For this cluster, we will use FreeBSD 4.9. Why? Simply because. This is not because FreeBSD is better than Linux is better than Solaris is better the Joe's OS, and so on. Honestly, any of these Unix and Unix-like systems should work like a charm. So, why do we choose FreeBSD as an example?
We install six commodity servers with a FreeBSD 4.9 default install and assign each its public management IP address, 192.0.2.11 through 192.0.2.16, and name them image-0-1 through image-0-6, respectively.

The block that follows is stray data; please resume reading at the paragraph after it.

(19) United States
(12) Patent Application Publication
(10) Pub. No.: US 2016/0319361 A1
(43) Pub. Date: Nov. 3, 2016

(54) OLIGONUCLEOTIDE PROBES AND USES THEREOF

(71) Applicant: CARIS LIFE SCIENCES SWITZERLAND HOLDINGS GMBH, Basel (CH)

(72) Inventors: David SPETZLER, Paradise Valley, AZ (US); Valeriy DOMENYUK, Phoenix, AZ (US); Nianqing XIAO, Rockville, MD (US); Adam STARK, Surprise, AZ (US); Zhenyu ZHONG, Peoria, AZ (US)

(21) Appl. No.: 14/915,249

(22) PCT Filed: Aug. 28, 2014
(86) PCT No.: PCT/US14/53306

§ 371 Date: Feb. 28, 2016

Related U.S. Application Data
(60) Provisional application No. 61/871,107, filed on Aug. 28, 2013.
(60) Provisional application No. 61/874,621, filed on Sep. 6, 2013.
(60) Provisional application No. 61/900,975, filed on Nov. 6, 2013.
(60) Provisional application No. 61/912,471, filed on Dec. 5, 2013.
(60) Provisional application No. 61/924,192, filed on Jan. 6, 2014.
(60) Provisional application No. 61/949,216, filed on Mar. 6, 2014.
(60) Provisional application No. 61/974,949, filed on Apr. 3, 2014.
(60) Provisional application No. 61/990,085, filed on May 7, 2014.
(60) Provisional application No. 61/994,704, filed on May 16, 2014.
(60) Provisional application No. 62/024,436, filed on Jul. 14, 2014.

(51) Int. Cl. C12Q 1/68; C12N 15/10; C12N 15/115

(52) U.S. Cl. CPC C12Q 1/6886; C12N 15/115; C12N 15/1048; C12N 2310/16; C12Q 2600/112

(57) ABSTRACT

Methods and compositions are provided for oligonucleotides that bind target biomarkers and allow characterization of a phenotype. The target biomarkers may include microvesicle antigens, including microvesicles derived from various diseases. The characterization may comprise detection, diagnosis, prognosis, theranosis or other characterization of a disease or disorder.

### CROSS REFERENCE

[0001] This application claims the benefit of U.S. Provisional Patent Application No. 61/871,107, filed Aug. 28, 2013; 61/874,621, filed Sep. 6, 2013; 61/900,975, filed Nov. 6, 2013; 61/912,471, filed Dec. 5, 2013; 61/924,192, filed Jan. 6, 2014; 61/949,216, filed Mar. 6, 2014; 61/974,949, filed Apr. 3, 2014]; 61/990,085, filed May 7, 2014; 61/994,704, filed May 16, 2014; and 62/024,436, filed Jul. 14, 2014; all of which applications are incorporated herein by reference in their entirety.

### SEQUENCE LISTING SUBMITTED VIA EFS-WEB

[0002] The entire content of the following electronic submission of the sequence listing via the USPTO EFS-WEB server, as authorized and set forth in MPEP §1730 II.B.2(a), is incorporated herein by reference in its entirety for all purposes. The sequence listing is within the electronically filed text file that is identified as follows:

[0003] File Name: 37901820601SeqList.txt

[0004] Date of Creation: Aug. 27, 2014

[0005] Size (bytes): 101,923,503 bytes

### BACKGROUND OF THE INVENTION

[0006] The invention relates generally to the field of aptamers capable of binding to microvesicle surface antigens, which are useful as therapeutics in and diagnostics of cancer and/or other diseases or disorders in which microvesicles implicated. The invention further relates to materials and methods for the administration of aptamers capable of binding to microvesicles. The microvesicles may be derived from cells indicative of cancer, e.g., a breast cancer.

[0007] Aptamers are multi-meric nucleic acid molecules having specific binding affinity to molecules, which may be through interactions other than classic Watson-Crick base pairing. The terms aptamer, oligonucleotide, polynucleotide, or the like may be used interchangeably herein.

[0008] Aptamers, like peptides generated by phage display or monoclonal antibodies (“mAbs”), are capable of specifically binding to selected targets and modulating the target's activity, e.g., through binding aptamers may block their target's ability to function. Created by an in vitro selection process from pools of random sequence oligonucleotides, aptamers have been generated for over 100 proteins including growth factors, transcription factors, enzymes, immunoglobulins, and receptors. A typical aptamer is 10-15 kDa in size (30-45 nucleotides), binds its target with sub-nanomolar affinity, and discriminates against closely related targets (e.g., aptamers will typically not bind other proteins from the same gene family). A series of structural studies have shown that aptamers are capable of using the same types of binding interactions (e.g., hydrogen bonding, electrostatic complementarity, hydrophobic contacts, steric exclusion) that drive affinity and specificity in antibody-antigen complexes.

Appropriate firewall rules should be set to protect these machines. Although this is outside the scope of this book, we can discuss the traffic we expect to originate from and terminate at each box.
It is important to note that the six IP addresses above the management IPs and all client-originating web traffic will arrive to the IP published through DNS for this service.